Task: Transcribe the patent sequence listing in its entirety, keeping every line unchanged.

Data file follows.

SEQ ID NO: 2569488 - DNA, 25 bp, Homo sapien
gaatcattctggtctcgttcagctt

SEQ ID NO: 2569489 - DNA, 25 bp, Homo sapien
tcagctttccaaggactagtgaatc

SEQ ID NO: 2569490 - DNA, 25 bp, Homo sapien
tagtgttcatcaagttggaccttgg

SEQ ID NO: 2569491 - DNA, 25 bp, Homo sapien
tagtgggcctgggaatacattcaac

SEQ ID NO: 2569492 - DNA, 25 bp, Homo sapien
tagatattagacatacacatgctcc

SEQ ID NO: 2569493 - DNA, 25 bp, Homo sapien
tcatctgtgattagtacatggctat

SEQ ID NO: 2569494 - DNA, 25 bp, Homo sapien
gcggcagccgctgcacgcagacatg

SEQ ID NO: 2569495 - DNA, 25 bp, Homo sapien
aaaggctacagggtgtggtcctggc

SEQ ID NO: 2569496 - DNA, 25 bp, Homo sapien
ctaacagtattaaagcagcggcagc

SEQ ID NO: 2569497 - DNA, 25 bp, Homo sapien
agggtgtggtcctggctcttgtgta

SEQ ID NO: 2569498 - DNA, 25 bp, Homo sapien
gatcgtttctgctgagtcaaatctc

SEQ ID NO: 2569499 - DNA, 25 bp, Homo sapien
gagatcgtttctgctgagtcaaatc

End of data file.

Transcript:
SEQ ID NO: 2569488 - DNA, 25 bp, Homo sapien
gaatcattctggtctcgttcagctt

SEQ ID NO: 2569489 - DNA, 25 bp, Homo sapien
tcagctttccaaggactagtgaatc

SEQ ID NO: 2569490 - DNA, 25 bp, Homo sapien
tagtgttcatcaagttggaccttgg

SEQ ID NO: 2569491 - DNA, 25 bp, Homo sapien
tagtgggcctgggaatacattcaac

SEQ ID NO: 2569492 - DNA, 25 bp, Homo sapien
tagatattagacatacacatgctcc

SEQ ID NO: 2569493 - DNA, 25 bp, Homo sapien
tcatctgtgattagtacatggctat

SEQ ID NO: 2569494 - DNA, 25 bp, Homo sapien
gcggcagccgctgcacgcagacatg

SEQ ID NO: 2569495 - DNA, 25 bp, Homo sapien
aaaggctacagggtgtggtcctggc

SEQ ID NO: 2569496 - DNA, 25 bp, Homo sapien
ctaacagtattaaagcagcggcagc

SEQ ID NO: 2569497 - DNA, 25 bp, Homo sapien
agggtgtggtcctggctcttgtgta

SEQ ID NO: 2569498 - DNA, 25 bp, Homo sapien
gatcgtttctgctgagtcaaatctc

SEQ ID NO: 2569499 - DNA, 25 bp, Homo sapien
gagatcgtttctgctgagtcaaatc